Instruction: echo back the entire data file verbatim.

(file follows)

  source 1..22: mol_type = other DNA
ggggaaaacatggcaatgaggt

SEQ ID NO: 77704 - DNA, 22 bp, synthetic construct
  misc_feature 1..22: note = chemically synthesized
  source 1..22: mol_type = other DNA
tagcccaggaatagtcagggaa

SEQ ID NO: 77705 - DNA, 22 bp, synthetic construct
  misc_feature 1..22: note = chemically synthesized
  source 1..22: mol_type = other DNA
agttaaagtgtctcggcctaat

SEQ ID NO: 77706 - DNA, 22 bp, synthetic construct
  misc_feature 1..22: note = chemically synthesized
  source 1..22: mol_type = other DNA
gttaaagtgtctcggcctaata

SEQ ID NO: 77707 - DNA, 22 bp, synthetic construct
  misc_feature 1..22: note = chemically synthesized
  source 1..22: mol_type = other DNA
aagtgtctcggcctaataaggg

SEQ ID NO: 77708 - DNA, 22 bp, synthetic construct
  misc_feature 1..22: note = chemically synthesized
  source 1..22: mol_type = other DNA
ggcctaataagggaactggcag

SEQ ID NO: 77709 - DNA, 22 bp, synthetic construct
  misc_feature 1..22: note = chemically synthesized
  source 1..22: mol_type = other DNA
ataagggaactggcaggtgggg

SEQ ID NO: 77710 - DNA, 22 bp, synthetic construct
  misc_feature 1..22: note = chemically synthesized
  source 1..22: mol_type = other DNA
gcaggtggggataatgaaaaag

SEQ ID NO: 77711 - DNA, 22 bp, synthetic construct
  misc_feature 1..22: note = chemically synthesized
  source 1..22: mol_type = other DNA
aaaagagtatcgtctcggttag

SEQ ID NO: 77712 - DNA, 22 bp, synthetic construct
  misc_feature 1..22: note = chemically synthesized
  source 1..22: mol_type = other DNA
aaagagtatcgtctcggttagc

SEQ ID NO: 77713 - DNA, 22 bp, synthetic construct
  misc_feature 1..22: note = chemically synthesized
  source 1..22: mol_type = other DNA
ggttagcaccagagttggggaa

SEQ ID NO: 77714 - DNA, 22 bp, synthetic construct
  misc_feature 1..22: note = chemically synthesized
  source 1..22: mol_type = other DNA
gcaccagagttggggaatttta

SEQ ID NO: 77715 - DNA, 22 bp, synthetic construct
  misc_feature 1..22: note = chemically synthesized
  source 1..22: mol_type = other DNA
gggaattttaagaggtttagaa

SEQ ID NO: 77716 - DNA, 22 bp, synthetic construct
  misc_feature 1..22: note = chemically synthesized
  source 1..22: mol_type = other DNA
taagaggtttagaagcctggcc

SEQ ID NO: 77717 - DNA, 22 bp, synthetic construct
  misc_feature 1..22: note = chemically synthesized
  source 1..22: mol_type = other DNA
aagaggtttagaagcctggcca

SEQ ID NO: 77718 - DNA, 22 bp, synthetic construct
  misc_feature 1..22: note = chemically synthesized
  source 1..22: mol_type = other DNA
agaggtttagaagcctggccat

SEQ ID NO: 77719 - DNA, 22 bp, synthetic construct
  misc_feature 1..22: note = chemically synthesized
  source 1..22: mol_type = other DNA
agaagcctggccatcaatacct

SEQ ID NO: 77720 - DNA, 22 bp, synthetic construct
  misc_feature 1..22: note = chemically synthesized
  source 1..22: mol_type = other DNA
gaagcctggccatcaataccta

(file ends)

  source 1..22: mol_type = other DNA
ggggaaaacatggcaatgaggt

SEQ ID NO: 77704 - DNA, 22 bp, synthetic construct
  misc_feature 1..22: note = chemically synthesized
  source 1..22: mol_type = other DNA
tagcccaggaatagtcagggaa

SEQ ID NO: 77705 - DNA, 22 bp, synthetic construct
  misc_feature 1..22: note = chemically synthesized
  source 1..22: mol_type = other DNA
agttaaagtgtctcggcctaat

SEQ ID NO: 77706 - DNA, 22 bp, synthetic construct
  misc_feature 1..22: note = chemically synthesized
  source 1..22: mol_type = other DNA
gttaaagtgtctcggcctaata

SEQ ID NO: 77707 - DNA, 22 bp, synthetic construct
  misc_feature 1..22: note = chemically synthesized
  source 1..22: mol_type = other DNA
aagtgtctcggcctaataaggg

SEQ ID NO: 77708 - DNA, 22 bp, synthetic construct
  misc_feature 1..22: note = chemically synthesized
  source 1..22: mol_type = other DNA
ggcctaataagggaactggcag

SEQ ID NO: 77709 - DNA, 22 bp, synthetic construct
  misc_feature 1..22: note = chemically synthesized
  source 1..22: mol_type = other DNA
ataagggaactggcaggtgggg

SEQ ID NO: 77710 - DNA, 22 bp, synthetic construct
  misc_feature 1..22: note = chemically synthesized
  source 1..22: mol_type = other DNA
gcaggtggggataatgaaaaag

SEQ ID NO: 77711 - DNA, 22 bp, synthetic construct
  misc_feature 1..22: note = chemically synthesized
  source 1..22: mol_type = other DNA
aaaagagtatcgtctcggttag

SEQ ID NO: 77712 - DNA, 22 bp, synthetic construct
  misc_feature 1..22: note = chemically synthesized
  source 1..22: mol_type = other DNA
aaagagtatcgtctcggttagc

SEQ ID NO: 77713 - DNA, 22 bp, synthetic construct
  misc_feature 1..22: note = chemically synthesized
  source 1..22: mol_type = other DNA
ggttagcaccagagttggggaa

SEQ ID NO: 77714 - DNA, 22 bp, synthetic construct
  misc_feature 1..22: note = chemically synthesized
  source 1..22: mol_type = other DNA
gcaccagagttggggaatttta

SEQ ID NO: 77715 - DNA, 22 bp, synthetic construct
  misc_feature 1..22: note = chemically synthesized
  source 1..22: mol_type = other DNA
gggaattttaagaggtttagaa

SEQ ID NO: 77716 - DNA, 22 bp, synthetic construct
  misc_feature 1..22: note = chemically synthesized
  source 1..22: mol_type = other DNA
taagaggtttagaagcctggcc

SEQ ID NO: 77717 - DNA, 22 bp, synthetic construct
  misc_feature 1..22: note = chemically synthesized
  source 1..22: mol_type = other DNA
aagaggtttagaagcctggcca

SEQ ID NO: 77718 - DNA, 22 bp, synthetic construct
  misc_feature 1..22: note = chemically synthesized
  source 1..22: mol_type = other DNA
agaggtttagaagcctggccat

SEQ ID NO: 77719 - DNA, 22 bp, synthetic construct
  misc_feature 1..22: note = chemically synthesized
  source 1..22: mol_type = other DNA
agaagcctggccatcaatacct

SEQ ID NO: 77720 - DNA, 22 bp, synthetic construct
  misc_feature 1..22: note = chemically synthesized
  source 1..22: mol_type = other DNA
gaagcctggccatcaataccta